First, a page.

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pd08mr04 Proclamation 7759--American Red Cross Month, 2004...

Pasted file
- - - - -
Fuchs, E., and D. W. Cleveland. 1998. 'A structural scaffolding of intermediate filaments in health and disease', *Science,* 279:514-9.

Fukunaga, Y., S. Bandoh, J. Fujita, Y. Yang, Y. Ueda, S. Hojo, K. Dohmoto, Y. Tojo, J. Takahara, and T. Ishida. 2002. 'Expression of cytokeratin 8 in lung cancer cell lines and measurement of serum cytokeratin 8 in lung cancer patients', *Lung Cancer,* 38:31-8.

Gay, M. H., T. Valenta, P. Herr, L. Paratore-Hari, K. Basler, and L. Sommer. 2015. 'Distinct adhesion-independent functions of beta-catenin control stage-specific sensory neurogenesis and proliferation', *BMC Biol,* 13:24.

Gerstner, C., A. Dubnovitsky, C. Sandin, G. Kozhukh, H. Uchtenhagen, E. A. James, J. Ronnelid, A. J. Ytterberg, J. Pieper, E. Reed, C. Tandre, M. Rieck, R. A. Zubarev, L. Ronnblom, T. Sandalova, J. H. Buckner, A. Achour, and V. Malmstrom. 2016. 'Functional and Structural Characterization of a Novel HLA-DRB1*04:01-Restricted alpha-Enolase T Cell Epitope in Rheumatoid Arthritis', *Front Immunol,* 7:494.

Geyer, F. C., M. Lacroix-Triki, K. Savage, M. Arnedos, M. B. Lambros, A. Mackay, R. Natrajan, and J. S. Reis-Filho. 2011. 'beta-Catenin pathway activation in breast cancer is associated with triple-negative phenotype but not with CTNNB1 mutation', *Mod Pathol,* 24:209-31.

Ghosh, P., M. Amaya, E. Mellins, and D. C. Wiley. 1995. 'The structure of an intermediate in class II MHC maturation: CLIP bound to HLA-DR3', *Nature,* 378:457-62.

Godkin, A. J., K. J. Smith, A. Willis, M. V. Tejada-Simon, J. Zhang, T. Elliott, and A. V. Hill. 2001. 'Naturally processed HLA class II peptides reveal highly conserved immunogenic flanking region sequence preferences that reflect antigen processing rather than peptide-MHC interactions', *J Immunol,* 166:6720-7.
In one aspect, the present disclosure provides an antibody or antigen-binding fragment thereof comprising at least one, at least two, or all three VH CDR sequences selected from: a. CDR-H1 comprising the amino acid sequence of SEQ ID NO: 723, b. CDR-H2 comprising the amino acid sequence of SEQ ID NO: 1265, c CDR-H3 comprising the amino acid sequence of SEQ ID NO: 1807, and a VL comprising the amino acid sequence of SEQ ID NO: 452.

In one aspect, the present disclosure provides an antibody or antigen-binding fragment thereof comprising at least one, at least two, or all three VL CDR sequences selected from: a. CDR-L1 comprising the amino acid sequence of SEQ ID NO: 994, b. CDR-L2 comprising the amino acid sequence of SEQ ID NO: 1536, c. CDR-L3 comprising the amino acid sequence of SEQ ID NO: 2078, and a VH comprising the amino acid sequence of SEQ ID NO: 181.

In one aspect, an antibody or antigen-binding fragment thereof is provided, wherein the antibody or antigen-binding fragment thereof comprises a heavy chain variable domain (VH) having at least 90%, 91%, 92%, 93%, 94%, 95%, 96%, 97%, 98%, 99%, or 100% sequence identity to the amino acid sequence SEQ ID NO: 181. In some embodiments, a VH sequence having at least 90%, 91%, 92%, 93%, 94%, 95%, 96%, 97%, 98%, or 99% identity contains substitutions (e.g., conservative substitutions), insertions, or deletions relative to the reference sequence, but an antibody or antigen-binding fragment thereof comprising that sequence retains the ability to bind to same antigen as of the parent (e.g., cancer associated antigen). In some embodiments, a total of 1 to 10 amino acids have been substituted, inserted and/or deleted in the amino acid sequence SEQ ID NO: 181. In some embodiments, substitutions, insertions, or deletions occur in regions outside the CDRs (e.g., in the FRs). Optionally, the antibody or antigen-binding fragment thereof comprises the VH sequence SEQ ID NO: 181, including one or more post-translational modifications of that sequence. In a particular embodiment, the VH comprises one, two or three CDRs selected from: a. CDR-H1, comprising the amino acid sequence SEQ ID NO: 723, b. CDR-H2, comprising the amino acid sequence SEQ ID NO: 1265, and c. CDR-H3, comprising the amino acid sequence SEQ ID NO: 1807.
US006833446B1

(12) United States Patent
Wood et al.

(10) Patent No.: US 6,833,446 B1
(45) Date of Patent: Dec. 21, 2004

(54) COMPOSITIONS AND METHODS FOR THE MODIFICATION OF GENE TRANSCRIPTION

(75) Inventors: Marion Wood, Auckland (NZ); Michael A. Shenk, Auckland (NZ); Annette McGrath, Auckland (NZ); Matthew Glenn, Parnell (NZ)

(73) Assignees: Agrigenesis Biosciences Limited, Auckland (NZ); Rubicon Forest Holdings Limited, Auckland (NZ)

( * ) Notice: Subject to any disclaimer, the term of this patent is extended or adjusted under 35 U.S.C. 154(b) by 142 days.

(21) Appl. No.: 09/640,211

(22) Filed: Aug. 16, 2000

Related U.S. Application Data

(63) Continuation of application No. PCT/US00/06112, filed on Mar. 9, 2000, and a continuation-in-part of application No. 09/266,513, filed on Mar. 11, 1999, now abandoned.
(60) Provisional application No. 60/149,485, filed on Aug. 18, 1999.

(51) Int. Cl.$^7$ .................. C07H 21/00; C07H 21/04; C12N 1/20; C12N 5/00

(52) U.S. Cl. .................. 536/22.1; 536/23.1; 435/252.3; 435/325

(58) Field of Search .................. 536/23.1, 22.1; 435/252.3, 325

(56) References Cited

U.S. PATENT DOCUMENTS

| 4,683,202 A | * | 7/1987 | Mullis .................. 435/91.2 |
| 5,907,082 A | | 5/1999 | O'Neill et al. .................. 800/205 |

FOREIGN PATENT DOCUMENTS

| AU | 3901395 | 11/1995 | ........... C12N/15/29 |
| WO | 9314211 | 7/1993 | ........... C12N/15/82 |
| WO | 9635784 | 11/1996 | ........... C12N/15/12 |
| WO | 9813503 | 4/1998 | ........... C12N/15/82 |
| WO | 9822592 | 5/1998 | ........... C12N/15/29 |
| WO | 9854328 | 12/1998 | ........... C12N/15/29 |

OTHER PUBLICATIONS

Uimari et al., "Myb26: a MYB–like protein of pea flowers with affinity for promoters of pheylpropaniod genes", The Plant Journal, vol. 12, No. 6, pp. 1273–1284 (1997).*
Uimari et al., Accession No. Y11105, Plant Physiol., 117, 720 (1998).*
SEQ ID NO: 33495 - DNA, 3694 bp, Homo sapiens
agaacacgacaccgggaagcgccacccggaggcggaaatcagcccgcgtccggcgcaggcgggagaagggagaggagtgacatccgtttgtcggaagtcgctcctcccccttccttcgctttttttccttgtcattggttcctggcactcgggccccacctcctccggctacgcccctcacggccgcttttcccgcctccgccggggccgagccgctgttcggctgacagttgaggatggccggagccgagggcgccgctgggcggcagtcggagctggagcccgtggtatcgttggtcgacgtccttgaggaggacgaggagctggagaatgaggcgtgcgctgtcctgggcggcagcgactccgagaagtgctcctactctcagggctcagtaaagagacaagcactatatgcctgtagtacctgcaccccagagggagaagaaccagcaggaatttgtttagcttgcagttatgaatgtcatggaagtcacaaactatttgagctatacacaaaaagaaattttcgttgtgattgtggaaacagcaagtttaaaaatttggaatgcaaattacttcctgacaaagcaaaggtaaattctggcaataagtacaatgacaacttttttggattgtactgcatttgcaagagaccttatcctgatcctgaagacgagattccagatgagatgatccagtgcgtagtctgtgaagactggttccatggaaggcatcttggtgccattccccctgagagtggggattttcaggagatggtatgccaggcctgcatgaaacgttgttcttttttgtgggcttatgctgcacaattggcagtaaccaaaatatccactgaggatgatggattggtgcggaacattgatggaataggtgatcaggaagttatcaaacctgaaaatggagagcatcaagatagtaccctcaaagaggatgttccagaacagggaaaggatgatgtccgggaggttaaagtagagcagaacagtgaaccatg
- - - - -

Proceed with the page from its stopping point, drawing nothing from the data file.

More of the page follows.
<DOC> [Weekly Compilation of Presidential Documents] [frwais.access.gpo.gov] [Page i-ivi] Monday, March 8, 2004 Volume 40_Number 10 Pages 309 347 Contents WEEKLY COMPILATION OF ------------------------------ PRESIDENTIAL DOCUMENTS Published every Monday by the Office of the Federal Register, National Archives and Records Administration, Washington, DC 20408, the Weekly Compilation of Presidential Documents contains statements, messages, and other Presidential materials released by the White House during the preceding week. The Weekly Compilation of Presidential Documents is published pursuant to the authority contained in the Federal Register Act (49 Stat. 500, as amended; 44 U.S.C. Ch. 15), under regulations prescribed by the Administrative Committee of the Federal Register, approved by the President (37 FR 23607; 1 CFR Part 10). Distribution is made only by the Superintendent of Documents, Government Printing Office, Washington, DC 20402. The Weekly Compilation of Presidential Documents will be furnished by mail to domestic subscribers for $80.00 per year ($137.00 for mailing first class) and to foreign subscribers for $93.75 per year, payable to the Superintendent of Documents, Government Printing Office, Washington, DC 20402. The charge for a single copy is $3.00 ($3.75 for foreign mailing). The Weekly Compilation of Presidential Documents is also available on the Internet on the GPO Access service at http://www.gpo.gov/nara/nara003.html. There are no restrictions on the republication of material appearing in the Weekly Compilation of Presidential Documents. [[Page i]] Weekly Compilation of Presidential Documents [[Page ii]] Addresses and Remarks California Bush-Cheney luncheon in Santa Clara--340 Bush-Cheney reception in Los Angeles--325 Discussion on the national economy in Bakersfield--332 White House Conference on Faith-Based and Community Initiatives in Los Angeles--318 Haiti, resignation of President Aristide--310 Homeland Security Department, anniversary--313 Radio address--309 Communications to Congress Generalized System of Preferences, message on extending benefits to Algeria and terminating benefits of certain other countries--312 Haiti, letter on further deployment of U.S. military forces--317 Indonesia-U.S. agreement concerning nuclear energy, message transmitting proposed protocol--344 International agreements, letter transmitting report--312 Communications to Congress--Continued National Drug Control Strategy, message transmitting--312 Zimbabwe, message on continuation of national emergency--318 Communications to Federal Agencies Delegation of Certain Reporting Authority, memorandum--312 Imports of Certain Ductile Iron Waterworks Fittings From the People's Republic of China, memorandum--331 Executive Orders Further Adjustment of Certain Rates of Pay--330 Notices Continuation of the National Emergency Blocking Property of Persons Undermining Democratic Processes or Institutions in Zimbabwe-- 317 Proclamations American Red Cross Month--329 To Modify Duty-Free Treatment Under the Generalized System of Preferences--310 (Continued on the inside of the back cover.) Editor's Note: The President was at the Bush Ranch in Crawford, TX, on March 5, the closing date of this issue. Releases and announcements issued by the Office of the Press Secretary but not received in time for inclusion in this issue will be printed next week. [[Page iii]] Contents--Continued Statements by the President Foreign sales corporations/extraterritorial income legislation, call for congressional action--310 Senator Ben Nighthorse Campbell's decision not to seek reelection-- 329 Supplementary Materials Acts approved by the President--347 Checklist of White House press releases--347 Digest of other White House announcements--345 Nominations submitted to the Senate--346 [[Page iv]] ? <GRAPHIC(S) NOT AVAILABLE IN TIFF FORMAT> [[Page 309]] <DOC> [Weekly Compilation of Presidential Documents] [frwais.access.gpo.gov] [Page 309-310] Monday, March 8, 2004 Volume 40_Number 10 Pages 309 347 Week Ending Friday, March 5, 2004 The President's Radio Address February 28, 2004 Good morning. For many years, illegal drug use has been a serious problem facing our country. Drugs cost people their savings and their health and rob children of their promise. My administration has taken action to confront this danger. We have pursued an ambitious, focused strategy to cut demand for drugs at home, interdict supplies of drugs abroad, and treat more addicts who seek help. In 2002, I set a goal to reduce illegal drug use by 10 percent over 2 years and by 25 percent over 5 years. This Monday we will release the annual National Drug Control Strategy, which shows the impressive progress we have made. Youth drug use declined 11 percent between 2001 and 2003, meaning 400,000 fewer young people used drugs. These results exceeded our goal and proved that our hard work is paying off. This year, we will expand our strategy so that we can make even greater progress in the fight against drugs. The best way to cut drug use is to cut demand for drugs at the ground level. So my budget includes a $10-million increase for drug-free communities, a commonsense prevention program that supports local coalitions working to stop young people from using drugs. Research shows that teenagers who abstain from drugs are unlikely to start using them later in life. So I have asked Congress to provide an additional $23 million for high schools who want to develop and carry out drug testing programs. Random drug testing gives students a strong answer to the social pressure to try drugs. It helps schools identify those using drugs so they can intervene with counseling and treatment before experiments turn into addictions. We've seen the positive results of drug testing across the country. Just 2 years after Hunterdon Central Regional High School in New Jersey began its testing program, drug use had declined significantly throughout the school. Hunterdon's principal described the program's effect this way: ``We have never seen a prevention curriculum that affected the numbers this substantially. We finally had a tool that was making a large difference.'' As we reduce demand for drugs, we're also preventing drug supplies from entering our country. Our military and law enforcement personnel are targeting the world's most dangerous drug trafficking networks. We are dismantling these organizations and putting their leaders in jail. And by working with governments across our hemisphere, we are drying up the world's supply of illegal drugs at its source. Finally, we are taking steps to help those who have fallen into the destructive cycle of addiction. Drug dependence undermines productivity as well as moral conviction and devastates millions of families each year. Some addicts recognize their problem and want to change but cannot afford access to professional care. To help men and women like these, I launched an initiative called Access to Recovery. This program will help thousands of Americans get the treatment they need. And because I know a good way to change a person's behavior is to change their heart, faith- based treatment programs will always be an option. Congress has provided $100 million for this lifesaving program, and this year, I have asked it to double that amount. The progress reported in this year's Drug Control Strategy is encouraging. Our goals are ambitious, and we have seen they can be achieved. Now we will build on the improvement of the past 2 years, and we will continue working toward a society in which all citizens can lead a life of independence and purpose, free from the devastating influence of drugs. Thank you for listening. [[Page 310]] Note: The address was recorded at 10:30 a.m. on February 27 in the Cabinet Room at the White House for broadcast at 10:06 a.m. on February 28. The transcript was made available by the Office of the Press Secretary on February 27 but was embargoed for release until the broadcast. In his remarks, the President referred to Lisa Brady, principal, Hunterdon Central Regional High School, Flemington, NJ. The Office of the Press Secretary also released a Spanish language transcript of this address. <DOC> [Weekly Compilation of Presidential Documents] [frwais.access.gpo.gov] [Page 310] Monday, March 8, 2004 Volume 40_Number 10 Pages 309 347 Week Ending Friday, March 5, 2004 Remarks on the Resignation of President Jean-Bertrand Aristide of Haiti February 29, 2004 President Aristide resigned. He has left his country. The Constitution of Haiti is working. There is an interim President, as per the Constitution, in place. I have ordered the deployment of marines, as the leading element of an interim international force, to help bring order and stability to Haiti. I have done so in working with the international community. This Government believes it essential that Haiti have a hopeful future. This is the beginning of a new chapter in the country's history. I would urge the people of Haiti to reject violence, to give this break from the past a chance to work. And the United States is prepared to help. Thank you. Note: The President spoke at 1:05 p.m. on the South Grounds at the White House. <DOC> [Weekly Compilation of Presidential Documents] [frwais.access.gpo.gov] [Page 310] Monday, March 8, 2004 Volume 40_Number 10 Pages 309 347 Week Ending Friday, March 5, 2004 Statement Calling for Congressional Action on Foreign Sales Corporations/Extraterritorial Income Legislation March 1, 2004 I urge Congress to take up and pass FSC/ETI legislation that reforms the Tax Code, removes the underlying reason for the tariffs that have been imposed today on American exports, and further advances the competitiveness of American manufacturers and job creators. Over the past 3 years, my administration has worked with Congress to further increase the ability of American companies to succeed in the worldwide economy, laying the foundation for increased growth and job creation. If we don't act to replace the current FSC/ETI provisions in the Tax Code, the tariffs that have been imposed today will, over the next year, impose an increasing burden on American exporters, their workers, and the overall economy. To support the continued strengthening of our economy and to create more jobs, the Congress should act now to end the